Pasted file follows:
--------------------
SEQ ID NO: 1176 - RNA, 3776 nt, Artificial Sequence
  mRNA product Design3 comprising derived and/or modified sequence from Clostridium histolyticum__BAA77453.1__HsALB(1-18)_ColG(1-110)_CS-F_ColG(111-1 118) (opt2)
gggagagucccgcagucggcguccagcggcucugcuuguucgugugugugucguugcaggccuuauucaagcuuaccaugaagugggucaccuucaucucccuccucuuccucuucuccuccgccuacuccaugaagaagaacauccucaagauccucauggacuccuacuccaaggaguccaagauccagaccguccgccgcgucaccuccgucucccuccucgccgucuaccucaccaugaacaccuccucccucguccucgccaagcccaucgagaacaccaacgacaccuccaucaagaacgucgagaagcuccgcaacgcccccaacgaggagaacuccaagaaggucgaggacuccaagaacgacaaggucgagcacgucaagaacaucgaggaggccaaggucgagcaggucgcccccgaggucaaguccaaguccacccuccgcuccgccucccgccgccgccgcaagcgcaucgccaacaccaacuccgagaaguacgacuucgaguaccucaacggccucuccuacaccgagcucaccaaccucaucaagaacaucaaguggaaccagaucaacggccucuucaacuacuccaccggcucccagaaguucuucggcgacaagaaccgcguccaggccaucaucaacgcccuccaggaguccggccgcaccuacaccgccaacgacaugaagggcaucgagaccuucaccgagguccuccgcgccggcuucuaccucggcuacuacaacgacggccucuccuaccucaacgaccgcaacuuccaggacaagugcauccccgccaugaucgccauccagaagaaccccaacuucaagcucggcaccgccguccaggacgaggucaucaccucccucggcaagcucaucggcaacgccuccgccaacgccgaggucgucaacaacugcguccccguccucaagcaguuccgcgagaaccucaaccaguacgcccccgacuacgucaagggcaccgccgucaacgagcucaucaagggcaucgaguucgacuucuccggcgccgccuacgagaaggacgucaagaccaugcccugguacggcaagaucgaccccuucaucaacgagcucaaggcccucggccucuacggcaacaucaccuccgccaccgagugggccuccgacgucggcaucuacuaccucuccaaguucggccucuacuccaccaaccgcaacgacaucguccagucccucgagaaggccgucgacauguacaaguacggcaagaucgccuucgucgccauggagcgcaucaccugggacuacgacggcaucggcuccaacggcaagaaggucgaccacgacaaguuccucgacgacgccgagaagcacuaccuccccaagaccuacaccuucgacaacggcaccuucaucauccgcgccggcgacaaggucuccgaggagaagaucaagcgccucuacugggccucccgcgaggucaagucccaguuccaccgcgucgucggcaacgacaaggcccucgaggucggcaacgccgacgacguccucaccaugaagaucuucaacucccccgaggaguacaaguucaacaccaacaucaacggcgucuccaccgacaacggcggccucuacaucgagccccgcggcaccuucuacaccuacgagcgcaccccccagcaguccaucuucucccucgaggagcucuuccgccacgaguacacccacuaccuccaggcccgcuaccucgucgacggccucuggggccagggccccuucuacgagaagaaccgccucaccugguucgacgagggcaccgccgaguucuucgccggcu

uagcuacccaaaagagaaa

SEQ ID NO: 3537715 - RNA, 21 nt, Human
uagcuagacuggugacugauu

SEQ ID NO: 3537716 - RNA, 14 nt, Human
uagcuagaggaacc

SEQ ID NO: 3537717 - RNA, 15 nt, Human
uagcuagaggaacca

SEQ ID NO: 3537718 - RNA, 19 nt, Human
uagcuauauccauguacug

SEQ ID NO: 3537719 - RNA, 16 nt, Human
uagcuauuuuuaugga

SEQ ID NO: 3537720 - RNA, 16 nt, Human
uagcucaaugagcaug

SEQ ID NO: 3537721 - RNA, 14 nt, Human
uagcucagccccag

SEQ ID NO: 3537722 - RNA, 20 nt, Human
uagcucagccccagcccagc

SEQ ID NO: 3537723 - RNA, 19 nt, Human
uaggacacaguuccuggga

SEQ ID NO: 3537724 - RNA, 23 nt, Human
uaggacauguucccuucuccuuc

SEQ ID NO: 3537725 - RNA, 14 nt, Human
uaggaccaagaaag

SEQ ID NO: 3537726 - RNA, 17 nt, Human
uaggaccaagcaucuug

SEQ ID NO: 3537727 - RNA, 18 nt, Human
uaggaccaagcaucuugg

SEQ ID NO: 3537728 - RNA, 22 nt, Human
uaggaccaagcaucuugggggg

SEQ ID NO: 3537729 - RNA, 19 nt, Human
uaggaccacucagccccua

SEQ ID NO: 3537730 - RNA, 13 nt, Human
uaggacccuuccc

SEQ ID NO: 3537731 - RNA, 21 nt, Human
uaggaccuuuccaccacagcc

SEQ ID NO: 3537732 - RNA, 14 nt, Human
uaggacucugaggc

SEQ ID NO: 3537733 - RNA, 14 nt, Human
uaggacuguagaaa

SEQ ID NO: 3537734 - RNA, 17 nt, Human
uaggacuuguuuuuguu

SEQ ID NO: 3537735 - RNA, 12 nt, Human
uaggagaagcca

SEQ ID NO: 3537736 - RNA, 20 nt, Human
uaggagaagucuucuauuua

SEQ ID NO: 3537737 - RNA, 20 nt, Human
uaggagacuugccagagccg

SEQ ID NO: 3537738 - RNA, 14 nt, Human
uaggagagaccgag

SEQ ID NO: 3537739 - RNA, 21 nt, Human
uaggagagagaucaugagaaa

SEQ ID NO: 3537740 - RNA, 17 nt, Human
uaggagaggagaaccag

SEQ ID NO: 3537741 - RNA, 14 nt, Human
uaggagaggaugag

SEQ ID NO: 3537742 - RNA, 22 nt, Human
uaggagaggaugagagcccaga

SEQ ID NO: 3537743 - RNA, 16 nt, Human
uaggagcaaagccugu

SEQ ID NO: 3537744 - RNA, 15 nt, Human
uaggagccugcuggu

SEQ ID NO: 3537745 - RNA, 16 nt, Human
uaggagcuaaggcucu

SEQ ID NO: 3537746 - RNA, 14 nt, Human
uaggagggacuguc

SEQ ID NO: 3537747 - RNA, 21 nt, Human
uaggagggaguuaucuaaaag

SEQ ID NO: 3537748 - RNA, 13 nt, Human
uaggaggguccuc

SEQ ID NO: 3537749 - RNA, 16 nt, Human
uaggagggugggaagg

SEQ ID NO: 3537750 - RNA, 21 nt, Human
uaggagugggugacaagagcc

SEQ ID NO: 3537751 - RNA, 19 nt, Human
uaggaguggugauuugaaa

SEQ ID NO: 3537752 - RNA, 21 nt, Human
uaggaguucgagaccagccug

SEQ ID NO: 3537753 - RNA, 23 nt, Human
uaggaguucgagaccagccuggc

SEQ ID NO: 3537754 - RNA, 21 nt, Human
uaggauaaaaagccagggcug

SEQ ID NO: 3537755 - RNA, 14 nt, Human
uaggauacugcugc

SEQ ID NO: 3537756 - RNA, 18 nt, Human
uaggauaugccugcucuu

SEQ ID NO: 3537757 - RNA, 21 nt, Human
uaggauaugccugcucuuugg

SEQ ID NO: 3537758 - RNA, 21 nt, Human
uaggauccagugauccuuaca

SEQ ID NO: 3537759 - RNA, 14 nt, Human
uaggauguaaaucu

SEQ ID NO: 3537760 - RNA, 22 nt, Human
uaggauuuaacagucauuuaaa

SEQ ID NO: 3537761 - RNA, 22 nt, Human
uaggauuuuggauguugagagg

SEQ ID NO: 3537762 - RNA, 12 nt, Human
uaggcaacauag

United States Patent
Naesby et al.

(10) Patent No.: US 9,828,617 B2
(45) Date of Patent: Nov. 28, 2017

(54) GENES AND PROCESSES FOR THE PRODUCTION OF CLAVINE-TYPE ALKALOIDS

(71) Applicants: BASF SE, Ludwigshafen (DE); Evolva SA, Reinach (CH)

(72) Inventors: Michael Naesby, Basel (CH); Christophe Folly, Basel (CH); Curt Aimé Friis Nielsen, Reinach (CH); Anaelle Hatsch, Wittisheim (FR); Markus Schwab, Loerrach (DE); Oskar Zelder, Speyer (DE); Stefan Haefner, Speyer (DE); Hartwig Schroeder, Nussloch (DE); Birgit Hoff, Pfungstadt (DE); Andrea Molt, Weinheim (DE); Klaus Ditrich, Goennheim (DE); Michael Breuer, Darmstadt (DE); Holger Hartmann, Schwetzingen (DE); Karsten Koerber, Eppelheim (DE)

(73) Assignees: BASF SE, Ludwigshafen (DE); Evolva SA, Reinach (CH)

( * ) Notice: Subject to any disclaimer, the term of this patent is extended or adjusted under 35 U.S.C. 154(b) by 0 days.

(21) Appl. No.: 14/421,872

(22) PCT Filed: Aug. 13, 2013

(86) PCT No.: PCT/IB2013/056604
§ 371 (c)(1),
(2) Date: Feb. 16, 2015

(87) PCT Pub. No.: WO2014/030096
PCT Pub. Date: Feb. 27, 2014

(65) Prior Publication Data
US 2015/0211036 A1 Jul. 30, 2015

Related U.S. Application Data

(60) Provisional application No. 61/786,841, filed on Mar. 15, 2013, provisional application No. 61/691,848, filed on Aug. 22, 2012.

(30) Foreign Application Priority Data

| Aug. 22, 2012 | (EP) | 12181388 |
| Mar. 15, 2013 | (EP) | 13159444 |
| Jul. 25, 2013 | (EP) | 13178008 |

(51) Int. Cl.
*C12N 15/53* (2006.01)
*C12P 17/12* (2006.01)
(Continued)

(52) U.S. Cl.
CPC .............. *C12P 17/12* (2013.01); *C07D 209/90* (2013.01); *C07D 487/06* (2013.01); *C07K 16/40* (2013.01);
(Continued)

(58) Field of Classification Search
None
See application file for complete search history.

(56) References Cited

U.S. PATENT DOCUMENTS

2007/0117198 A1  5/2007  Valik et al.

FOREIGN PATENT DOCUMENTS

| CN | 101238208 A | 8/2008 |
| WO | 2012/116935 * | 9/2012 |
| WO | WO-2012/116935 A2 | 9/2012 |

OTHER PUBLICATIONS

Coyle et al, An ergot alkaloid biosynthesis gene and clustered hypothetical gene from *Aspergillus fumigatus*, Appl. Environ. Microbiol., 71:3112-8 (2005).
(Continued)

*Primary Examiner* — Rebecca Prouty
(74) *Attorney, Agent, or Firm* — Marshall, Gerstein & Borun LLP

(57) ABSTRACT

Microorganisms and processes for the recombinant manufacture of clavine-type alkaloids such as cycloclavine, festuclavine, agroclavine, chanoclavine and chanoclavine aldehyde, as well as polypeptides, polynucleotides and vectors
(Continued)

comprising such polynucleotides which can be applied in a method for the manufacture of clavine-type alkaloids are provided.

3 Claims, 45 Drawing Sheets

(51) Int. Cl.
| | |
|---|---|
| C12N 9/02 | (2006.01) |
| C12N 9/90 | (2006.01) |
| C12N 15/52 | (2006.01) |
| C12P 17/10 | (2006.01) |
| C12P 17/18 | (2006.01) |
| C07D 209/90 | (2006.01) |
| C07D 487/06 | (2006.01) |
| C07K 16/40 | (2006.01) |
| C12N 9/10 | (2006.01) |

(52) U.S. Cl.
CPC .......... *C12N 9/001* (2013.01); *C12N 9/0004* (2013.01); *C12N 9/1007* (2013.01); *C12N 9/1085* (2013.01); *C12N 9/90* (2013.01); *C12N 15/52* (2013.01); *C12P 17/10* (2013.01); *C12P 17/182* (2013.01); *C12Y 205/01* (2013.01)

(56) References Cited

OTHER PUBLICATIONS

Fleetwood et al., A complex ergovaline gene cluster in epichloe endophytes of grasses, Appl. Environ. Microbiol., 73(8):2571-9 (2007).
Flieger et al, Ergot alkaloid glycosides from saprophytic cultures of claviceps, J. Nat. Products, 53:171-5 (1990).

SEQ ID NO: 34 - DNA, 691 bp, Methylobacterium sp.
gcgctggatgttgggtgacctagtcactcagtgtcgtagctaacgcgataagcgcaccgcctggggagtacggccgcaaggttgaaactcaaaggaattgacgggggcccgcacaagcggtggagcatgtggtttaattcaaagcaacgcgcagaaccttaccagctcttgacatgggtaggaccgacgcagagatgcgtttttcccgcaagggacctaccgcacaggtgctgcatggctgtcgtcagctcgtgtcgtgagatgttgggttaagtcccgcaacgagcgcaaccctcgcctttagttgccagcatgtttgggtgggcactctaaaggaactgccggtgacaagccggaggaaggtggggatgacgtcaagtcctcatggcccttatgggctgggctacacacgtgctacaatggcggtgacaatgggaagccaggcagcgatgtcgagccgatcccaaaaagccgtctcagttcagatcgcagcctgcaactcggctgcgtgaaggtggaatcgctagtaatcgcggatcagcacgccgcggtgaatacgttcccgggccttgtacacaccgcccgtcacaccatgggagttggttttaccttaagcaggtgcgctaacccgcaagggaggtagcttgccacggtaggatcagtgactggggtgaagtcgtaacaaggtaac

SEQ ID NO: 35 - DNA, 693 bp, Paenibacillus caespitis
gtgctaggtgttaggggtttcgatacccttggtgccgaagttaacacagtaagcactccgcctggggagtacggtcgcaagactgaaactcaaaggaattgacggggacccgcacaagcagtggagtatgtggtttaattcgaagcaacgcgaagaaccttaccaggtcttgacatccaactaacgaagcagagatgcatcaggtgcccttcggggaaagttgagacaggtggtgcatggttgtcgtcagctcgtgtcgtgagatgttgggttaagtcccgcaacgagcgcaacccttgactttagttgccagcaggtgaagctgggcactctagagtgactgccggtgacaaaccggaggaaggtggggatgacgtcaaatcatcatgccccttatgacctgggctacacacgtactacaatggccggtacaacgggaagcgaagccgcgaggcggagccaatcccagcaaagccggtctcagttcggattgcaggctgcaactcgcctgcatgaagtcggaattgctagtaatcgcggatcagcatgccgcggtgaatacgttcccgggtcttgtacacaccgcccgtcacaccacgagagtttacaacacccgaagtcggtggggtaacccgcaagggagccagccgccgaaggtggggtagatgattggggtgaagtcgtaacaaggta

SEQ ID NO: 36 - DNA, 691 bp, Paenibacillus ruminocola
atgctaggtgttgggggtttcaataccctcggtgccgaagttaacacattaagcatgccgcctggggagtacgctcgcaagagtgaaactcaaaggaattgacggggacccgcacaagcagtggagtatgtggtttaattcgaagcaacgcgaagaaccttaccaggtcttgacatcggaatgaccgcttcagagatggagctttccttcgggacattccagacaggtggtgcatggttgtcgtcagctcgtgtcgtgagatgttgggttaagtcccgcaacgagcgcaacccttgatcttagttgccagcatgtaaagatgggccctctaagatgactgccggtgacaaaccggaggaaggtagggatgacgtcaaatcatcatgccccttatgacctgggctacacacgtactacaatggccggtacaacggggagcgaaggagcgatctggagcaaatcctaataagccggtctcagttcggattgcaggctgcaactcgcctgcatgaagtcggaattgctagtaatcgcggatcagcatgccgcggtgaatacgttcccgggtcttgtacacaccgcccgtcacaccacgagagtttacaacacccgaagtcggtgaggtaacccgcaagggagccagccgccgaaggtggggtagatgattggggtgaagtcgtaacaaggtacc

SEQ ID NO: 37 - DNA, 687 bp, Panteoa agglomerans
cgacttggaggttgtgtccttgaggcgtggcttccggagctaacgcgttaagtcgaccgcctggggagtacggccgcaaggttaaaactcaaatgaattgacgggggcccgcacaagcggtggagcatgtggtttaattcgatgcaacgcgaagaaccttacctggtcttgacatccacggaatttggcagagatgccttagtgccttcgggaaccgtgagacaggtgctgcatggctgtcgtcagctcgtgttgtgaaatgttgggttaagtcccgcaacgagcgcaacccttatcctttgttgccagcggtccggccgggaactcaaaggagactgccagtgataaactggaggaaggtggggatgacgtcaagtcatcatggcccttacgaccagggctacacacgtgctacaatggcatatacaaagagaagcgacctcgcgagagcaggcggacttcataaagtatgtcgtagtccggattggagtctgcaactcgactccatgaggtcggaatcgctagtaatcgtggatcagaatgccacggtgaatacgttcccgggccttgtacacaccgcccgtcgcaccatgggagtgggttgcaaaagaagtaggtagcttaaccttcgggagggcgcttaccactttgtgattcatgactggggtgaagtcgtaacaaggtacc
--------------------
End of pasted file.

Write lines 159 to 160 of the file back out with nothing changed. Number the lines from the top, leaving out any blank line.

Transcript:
| C12P 17/18 | (2006.01) |
| C07D 209/90 | (2006.01) |